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Welcome to the Department of Psychiatry at the University of Iowa! As the Department Chair, I am excited about both our strong traditions established from as far back as our founding in 1919, and the innovative transitions we have been pursuing since my arrival here in 2011. We have brought 18 new faculty members into the department in that time, including clinicians, scientists, and people who both see patients and engage in the work of discovery. In the process we have established a new Division of Molecular Psychiatry, introduced a more comprehensive approach to patient care, improved our psychotherapy training, and worked with our colleagues in neurology and neurosurgery to plan a new Clinical Neuroscience Institute.
Faculty members here have made major contributions to the field, beginning with the first Department Chair, Samuel Orton, who was an important figure in the study of dyslexia. Some of the earliest studies of the electroencephalogram took place in our department, and in the 1940s Paul Huston and others were among the first to show the effectiveness of electroconvulsive therapy in treating severe depression. Former Chair George Winokur conducted one of the first modern studies to document the course of major mental disorders, called the Iowa 500, and made Iowa a leading center for psychiatric genetics. And Former Chair Robert Robinson made important discoveries about how particular areas of the brain play a role in depression.
Our research continues to be on the cutting edge. The department includes some of the world's most distinguished and award-winning investigators, and their presence contributes to a spirit of inquiry. William Coryell conducts high-impact research on the course of mood disorders. Nancy Andreasen has made key contributions to our understanding of clinical features and brain structure changes in schizophrenia, and has authored several widely read books, including Brave New Brain. John Wemmie has done groundbreaking work on a protein in brain cells, an acid-sensing ion channel, and how it contributes to anxiety and panic. Andrew Pieper has developed a new group of compounds that are neuroprotective in animal models of several neurologic and psychiatric illnesses. Chadi Calarge won the Gerald Klerman Award in 2011 for excellence in research from the Brain and Behavior Research foundation for studies addressing the long-term safety of the antipsychotic drug risperidone in children. And Jess Fiedorowicz won the same award in 2012 for work examining the mechanisms of vascular disease in mood disorder patients.
Our department is a highly productive place, with 77 clinicians and researchers, who publish more than 150 scientific papers annually, and who bring in more than 75 grants a year. The department continues to be among the leaders in the study of the biological basis of psychiatric disorders, and we are 18th in the nation in National Institutes of Health funding to psychiatry departments. Our brain imaging program is robust and highly regarded, supporting work in schizophrenia, mood disorders, and other brain diseases, while the department continues to make important advances in the area of psychiatric genetics.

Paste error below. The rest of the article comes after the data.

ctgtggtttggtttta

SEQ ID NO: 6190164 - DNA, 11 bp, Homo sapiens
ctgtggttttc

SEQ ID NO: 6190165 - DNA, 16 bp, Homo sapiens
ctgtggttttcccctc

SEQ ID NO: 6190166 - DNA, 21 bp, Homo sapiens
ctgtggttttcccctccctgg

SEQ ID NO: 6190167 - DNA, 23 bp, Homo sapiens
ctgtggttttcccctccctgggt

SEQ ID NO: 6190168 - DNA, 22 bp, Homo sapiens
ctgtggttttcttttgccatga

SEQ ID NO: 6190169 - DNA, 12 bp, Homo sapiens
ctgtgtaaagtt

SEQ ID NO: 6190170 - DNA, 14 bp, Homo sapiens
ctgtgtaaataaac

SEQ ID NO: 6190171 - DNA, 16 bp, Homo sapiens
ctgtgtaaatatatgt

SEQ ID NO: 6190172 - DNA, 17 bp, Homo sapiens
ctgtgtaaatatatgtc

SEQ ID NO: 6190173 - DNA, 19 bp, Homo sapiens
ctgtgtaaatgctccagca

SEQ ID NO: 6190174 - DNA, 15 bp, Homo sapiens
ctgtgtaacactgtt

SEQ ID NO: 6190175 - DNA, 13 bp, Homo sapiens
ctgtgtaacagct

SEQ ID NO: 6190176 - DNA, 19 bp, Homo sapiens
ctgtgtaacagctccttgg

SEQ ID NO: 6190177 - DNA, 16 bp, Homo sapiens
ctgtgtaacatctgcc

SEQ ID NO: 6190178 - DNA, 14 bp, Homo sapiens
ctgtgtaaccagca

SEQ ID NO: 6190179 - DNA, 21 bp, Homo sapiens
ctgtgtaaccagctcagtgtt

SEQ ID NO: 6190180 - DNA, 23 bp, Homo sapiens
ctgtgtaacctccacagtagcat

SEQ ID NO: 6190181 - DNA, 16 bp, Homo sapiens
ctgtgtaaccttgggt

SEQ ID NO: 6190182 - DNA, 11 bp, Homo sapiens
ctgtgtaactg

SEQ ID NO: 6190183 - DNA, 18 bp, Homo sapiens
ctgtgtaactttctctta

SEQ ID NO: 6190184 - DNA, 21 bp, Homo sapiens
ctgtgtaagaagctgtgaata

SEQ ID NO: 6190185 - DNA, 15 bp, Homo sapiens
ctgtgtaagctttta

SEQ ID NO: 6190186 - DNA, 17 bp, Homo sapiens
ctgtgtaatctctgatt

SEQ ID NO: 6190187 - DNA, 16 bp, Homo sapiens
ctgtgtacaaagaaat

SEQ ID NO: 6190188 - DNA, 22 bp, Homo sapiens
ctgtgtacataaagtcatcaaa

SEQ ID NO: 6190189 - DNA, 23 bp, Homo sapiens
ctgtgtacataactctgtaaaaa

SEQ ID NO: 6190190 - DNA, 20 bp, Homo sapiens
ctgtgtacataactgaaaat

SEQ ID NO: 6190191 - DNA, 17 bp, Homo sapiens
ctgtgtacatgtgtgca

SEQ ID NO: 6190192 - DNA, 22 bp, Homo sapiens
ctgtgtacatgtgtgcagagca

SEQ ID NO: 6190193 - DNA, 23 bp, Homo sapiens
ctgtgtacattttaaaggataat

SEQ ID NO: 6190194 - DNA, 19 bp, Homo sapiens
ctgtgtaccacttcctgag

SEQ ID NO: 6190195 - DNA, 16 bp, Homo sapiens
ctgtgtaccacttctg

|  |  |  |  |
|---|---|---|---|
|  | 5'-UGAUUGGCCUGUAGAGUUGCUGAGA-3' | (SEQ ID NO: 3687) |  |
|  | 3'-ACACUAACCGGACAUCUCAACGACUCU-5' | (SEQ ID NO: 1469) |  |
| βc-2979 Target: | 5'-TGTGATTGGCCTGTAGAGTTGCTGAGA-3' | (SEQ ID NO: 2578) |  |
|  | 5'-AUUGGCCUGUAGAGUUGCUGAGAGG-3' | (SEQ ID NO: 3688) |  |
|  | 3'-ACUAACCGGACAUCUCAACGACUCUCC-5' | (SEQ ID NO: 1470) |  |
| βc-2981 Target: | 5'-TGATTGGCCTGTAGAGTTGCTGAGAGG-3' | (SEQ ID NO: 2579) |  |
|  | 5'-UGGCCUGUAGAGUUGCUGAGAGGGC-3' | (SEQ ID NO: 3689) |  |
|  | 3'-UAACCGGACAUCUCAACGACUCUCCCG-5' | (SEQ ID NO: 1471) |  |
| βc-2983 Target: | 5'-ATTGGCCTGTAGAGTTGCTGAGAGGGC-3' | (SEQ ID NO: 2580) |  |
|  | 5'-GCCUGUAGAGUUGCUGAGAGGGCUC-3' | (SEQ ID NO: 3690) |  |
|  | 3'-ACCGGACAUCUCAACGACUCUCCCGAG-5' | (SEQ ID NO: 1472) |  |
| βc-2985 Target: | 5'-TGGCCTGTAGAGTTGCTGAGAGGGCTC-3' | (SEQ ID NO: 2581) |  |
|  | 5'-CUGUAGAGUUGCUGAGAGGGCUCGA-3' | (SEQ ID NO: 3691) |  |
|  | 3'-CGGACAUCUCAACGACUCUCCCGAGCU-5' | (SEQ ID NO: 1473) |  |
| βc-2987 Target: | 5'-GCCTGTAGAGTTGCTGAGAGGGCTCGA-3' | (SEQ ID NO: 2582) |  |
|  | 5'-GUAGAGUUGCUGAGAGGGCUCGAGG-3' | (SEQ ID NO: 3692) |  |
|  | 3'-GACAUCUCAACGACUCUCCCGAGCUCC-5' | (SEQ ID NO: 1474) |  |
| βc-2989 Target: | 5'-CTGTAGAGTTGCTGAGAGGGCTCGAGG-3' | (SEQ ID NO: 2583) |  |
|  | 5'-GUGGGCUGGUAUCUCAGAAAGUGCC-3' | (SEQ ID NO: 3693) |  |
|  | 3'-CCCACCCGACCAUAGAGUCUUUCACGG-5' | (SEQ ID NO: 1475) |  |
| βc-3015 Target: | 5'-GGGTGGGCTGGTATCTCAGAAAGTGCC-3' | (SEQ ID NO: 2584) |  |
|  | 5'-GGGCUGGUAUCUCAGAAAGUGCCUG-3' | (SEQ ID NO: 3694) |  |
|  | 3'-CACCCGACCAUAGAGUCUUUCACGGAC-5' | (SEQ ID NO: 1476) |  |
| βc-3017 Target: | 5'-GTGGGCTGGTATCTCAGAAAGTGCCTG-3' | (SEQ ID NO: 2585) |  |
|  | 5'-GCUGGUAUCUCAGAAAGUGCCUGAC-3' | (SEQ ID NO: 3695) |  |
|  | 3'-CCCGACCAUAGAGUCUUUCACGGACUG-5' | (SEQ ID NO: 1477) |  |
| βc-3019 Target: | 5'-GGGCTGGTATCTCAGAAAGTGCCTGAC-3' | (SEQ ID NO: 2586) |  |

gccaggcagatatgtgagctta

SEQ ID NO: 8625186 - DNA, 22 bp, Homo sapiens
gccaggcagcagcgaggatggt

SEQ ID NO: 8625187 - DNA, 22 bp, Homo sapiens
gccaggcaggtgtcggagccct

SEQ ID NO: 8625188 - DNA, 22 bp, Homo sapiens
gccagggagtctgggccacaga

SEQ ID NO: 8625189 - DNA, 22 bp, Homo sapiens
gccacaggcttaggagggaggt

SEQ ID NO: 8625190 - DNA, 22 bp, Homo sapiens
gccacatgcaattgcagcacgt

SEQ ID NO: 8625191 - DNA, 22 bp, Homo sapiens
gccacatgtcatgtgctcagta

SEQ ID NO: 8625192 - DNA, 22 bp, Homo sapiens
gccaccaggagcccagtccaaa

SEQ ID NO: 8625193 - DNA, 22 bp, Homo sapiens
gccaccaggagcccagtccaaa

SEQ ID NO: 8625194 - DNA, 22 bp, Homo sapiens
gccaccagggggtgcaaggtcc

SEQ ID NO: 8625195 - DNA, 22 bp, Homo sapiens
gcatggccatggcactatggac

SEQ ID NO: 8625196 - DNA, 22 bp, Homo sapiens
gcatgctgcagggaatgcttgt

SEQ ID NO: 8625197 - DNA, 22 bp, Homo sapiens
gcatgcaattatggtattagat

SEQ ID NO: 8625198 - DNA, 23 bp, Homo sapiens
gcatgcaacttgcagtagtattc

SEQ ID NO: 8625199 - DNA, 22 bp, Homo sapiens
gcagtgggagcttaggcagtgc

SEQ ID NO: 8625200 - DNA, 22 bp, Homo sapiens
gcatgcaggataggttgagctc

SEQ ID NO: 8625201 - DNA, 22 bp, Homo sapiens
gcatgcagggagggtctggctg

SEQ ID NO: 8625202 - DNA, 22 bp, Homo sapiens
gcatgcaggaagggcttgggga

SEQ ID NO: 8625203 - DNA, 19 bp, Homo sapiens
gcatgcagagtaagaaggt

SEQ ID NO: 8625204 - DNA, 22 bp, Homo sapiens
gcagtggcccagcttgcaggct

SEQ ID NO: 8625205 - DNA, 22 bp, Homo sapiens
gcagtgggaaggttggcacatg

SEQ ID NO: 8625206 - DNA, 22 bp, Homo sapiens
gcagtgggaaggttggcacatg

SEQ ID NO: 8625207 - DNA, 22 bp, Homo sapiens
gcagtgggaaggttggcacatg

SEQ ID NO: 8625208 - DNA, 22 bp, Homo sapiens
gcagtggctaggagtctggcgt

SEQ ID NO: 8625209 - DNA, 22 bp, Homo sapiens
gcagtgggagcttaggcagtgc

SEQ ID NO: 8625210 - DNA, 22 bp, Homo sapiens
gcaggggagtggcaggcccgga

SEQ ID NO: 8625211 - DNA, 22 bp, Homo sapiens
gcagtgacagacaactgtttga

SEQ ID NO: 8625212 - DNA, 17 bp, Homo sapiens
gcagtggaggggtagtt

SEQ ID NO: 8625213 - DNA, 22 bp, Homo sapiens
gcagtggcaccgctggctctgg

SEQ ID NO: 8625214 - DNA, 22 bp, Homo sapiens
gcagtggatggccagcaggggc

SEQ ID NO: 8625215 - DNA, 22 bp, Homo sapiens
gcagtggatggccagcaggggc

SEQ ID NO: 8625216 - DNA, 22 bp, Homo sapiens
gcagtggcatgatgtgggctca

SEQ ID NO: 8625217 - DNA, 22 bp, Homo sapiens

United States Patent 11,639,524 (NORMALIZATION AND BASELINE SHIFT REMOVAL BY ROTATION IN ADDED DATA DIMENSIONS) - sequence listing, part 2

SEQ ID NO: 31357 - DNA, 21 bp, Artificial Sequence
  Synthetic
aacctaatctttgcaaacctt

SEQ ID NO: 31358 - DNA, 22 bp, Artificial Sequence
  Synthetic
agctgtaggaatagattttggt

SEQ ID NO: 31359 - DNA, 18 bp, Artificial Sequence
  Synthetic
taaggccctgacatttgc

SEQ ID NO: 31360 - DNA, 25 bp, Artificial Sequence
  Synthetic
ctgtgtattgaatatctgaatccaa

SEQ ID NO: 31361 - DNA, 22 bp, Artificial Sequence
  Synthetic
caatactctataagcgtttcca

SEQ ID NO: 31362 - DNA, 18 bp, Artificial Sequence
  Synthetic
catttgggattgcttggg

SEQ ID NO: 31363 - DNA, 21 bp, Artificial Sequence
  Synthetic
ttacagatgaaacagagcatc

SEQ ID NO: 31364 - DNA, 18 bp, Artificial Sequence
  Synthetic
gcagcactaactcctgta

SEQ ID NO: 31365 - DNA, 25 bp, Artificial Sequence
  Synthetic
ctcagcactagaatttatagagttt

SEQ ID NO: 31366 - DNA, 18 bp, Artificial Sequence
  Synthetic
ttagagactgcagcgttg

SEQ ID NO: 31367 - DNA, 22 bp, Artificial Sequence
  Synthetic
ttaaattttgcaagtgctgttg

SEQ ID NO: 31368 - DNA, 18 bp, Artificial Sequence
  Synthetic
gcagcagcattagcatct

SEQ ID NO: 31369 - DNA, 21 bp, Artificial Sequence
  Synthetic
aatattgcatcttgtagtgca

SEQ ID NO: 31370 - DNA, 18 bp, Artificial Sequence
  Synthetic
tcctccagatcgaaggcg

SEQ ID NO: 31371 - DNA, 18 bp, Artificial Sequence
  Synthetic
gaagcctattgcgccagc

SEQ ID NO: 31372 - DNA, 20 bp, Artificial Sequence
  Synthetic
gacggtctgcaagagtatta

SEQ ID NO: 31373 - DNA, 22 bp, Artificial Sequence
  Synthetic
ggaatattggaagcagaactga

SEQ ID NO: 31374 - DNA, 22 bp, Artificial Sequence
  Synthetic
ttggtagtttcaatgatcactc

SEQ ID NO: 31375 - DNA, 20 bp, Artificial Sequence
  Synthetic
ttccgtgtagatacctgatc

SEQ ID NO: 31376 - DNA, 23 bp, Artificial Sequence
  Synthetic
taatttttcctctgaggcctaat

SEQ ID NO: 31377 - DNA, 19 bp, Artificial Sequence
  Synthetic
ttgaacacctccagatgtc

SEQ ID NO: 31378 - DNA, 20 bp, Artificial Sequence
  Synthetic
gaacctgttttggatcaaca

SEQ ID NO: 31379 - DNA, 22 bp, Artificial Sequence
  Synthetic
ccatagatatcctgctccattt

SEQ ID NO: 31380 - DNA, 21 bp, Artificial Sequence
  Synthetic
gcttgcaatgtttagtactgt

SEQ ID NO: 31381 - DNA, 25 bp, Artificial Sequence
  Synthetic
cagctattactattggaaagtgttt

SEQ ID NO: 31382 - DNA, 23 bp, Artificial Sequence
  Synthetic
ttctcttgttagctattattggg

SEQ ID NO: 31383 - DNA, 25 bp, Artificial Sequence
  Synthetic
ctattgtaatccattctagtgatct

The department is also committed to excellence in teaching in a high quality environment at the University of Iowa Hospitals and Clinics, one of America’s largest teaching hospitals. University of Iowa Hospitals and Clinics is a leader in exceptional patient care, and attracts patients from across the Midwest and beyond. Recently, the US News and World Report survey ranked our department 19th in the nation for clinical excellence. Our patient care is enhanced by the outstanding research that occurs in the department, which helps provide residents with the latest evidence on the causes and treatments of many major mental disorders. Residents have an opportunity to learn and ask questions of leaders in the fields of schizophrenia, mood and anxiety disorders, eating disorders, and geriatric disorders. Such leaders include Susan Schultz, text editor of the DSM-5 and President-Elect of the American Association for Geriatric Psychiatry, and Donald Black, President of the American Academy of Clinical Psychiatrists and author of the DSM-5 Guidebook. Faculty members receive high marks for their teaching and for providing high quality patient care. The department has eleven clinical programs including specialty inpatient units (e.g., geriatrics and eating disorders), an assertive community treatment program, a multi-track partial hospital program, and thriving outpatient clinics. There is a specialty service in women’s wellness, and new initiatives that are being developed in neuropsychiatry. Sixteen members of our faculty have been named “Best Doctors in America.”
The department is strong, and I am delighted that we have opportunities to make it even stronger as we move forward. We work hard to make a difference, and aim each day to live up to the high standards set by those who preceded us. But we also enormously enjoy what we do: seeing patients get better and making new discoveries that may ultimately improve patient care. Like Iowa City itself, the department is a place where people are helpful, friendly and caring. Come see for yourself!
James B. Potash, MD, MPHPaul W. Penningroth ProfessorChair and Department Executive Officer of Psychiatry